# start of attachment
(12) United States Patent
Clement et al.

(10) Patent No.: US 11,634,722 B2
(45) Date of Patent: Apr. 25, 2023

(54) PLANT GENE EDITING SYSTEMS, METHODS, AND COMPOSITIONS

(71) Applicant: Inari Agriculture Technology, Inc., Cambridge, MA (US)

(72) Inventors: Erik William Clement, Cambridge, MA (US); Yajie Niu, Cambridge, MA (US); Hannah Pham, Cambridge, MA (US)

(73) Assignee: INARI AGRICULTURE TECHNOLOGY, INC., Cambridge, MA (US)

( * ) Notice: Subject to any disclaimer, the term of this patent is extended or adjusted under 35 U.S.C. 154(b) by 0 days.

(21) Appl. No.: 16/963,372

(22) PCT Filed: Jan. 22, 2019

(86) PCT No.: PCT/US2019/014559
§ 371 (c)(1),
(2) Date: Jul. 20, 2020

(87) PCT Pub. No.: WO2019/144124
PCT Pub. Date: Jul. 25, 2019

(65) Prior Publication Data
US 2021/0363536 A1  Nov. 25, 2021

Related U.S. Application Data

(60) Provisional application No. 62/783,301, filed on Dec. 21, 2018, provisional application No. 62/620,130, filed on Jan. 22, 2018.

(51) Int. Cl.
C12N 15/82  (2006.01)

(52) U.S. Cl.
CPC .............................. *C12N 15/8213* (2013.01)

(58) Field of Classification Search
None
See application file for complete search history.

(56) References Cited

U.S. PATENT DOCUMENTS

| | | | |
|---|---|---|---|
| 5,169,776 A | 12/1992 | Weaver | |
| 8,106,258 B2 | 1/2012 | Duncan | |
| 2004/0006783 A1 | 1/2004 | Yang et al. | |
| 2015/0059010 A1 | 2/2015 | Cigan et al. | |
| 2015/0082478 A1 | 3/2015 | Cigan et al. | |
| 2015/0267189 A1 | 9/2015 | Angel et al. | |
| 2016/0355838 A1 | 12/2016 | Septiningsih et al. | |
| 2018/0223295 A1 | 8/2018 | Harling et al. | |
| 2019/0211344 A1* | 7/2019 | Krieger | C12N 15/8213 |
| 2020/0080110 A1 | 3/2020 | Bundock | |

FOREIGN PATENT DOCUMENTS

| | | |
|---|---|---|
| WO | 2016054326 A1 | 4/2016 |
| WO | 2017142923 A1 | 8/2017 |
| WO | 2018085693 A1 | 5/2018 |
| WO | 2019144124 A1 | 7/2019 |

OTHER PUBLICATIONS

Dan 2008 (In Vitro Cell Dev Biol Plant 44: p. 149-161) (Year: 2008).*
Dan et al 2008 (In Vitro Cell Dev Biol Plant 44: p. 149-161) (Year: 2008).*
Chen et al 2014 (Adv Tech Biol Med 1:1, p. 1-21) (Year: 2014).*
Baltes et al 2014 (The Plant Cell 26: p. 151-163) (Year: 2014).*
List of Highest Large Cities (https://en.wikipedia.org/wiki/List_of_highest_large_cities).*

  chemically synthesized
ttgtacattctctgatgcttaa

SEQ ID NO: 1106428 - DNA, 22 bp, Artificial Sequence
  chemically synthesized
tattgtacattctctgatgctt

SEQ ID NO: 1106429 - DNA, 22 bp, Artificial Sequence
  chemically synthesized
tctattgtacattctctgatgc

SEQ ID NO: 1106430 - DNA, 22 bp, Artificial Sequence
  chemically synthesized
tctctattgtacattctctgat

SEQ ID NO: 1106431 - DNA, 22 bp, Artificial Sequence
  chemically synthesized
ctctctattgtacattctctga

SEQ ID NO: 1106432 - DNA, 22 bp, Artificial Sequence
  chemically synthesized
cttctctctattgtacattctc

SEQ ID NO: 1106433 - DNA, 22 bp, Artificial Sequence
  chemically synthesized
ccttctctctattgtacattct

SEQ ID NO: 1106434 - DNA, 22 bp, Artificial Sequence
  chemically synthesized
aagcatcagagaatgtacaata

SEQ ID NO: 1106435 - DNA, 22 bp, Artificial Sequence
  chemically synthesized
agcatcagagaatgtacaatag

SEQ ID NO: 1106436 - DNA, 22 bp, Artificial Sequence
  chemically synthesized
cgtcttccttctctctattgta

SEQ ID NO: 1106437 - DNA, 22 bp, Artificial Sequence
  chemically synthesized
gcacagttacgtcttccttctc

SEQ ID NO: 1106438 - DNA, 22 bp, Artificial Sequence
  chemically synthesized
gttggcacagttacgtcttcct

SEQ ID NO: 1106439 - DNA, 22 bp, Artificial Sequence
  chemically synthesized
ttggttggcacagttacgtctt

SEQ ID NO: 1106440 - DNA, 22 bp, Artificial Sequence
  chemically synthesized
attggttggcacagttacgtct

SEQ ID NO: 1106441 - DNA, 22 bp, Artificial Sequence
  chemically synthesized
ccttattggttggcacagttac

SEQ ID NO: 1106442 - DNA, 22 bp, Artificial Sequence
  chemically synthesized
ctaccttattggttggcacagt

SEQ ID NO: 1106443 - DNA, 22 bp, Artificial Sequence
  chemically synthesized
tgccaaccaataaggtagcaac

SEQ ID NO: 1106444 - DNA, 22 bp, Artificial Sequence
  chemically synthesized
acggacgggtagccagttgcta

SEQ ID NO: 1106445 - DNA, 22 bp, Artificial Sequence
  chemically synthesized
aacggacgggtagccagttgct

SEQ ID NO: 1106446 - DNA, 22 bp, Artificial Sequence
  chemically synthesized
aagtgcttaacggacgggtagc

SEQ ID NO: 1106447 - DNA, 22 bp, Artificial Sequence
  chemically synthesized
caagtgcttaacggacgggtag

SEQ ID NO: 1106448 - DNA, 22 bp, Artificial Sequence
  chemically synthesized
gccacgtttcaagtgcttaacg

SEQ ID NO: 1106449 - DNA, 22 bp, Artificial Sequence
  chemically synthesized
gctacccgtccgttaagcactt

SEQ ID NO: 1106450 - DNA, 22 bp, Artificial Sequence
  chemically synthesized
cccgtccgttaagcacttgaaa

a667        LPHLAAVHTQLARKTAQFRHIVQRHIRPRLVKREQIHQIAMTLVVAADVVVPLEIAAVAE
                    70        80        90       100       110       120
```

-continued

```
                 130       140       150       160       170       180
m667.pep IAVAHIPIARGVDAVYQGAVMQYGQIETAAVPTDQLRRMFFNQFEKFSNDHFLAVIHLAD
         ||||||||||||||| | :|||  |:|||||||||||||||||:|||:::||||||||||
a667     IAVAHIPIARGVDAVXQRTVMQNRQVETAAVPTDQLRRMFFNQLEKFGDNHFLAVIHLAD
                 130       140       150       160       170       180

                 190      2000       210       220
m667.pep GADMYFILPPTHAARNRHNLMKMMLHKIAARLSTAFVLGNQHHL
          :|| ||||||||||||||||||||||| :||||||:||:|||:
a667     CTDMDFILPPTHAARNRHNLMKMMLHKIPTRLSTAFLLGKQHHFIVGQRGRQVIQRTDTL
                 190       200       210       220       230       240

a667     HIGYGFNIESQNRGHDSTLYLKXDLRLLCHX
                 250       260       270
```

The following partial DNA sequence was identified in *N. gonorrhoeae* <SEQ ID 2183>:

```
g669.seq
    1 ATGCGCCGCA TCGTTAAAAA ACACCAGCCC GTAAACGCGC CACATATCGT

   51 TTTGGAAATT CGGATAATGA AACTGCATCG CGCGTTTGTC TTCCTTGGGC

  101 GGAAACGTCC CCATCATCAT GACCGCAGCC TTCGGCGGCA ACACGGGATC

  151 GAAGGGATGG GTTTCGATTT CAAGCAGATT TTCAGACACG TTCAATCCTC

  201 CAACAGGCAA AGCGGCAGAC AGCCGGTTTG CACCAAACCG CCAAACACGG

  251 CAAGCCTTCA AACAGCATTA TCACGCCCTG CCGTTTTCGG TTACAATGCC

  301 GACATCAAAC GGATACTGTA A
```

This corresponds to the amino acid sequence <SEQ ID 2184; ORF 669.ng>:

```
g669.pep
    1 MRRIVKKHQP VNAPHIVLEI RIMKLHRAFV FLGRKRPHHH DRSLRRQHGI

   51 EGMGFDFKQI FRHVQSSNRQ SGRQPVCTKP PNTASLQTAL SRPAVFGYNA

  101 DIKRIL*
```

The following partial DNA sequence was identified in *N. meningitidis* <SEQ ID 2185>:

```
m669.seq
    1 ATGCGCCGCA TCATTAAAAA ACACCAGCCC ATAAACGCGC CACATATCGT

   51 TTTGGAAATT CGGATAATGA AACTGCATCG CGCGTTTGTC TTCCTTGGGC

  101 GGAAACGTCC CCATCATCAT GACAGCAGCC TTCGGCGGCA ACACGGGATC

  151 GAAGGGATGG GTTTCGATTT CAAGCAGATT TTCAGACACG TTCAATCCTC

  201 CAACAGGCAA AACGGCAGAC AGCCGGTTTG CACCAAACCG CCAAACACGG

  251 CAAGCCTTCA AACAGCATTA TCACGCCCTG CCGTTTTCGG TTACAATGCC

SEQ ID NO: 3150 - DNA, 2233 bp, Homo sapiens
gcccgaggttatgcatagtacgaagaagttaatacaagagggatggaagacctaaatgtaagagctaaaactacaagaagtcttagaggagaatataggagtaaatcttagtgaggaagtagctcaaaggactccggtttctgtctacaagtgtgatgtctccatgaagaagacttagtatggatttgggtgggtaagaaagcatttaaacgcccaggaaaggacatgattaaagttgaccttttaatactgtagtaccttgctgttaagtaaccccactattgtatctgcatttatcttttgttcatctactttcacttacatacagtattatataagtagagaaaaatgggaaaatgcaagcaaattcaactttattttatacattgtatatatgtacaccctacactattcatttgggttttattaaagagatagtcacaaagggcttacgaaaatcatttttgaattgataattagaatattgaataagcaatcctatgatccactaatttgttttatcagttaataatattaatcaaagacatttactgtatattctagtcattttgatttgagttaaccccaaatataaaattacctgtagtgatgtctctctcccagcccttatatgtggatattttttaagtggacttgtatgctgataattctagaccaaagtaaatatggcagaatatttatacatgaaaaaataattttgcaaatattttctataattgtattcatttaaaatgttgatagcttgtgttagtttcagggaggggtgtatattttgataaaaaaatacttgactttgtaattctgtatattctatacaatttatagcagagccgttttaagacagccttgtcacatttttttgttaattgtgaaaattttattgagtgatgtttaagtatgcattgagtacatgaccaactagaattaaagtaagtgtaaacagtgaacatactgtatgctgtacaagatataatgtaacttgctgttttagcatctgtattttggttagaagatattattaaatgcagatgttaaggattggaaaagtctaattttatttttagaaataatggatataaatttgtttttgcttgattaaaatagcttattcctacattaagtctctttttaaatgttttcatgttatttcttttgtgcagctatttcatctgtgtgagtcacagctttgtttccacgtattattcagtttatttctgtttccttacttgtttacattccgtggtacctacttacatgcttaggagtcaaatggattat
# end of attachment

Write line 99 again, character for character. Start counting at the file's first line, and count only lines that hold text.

SEQ ID NO: 1106442 - DNA, 22 bp, Artificial Sequence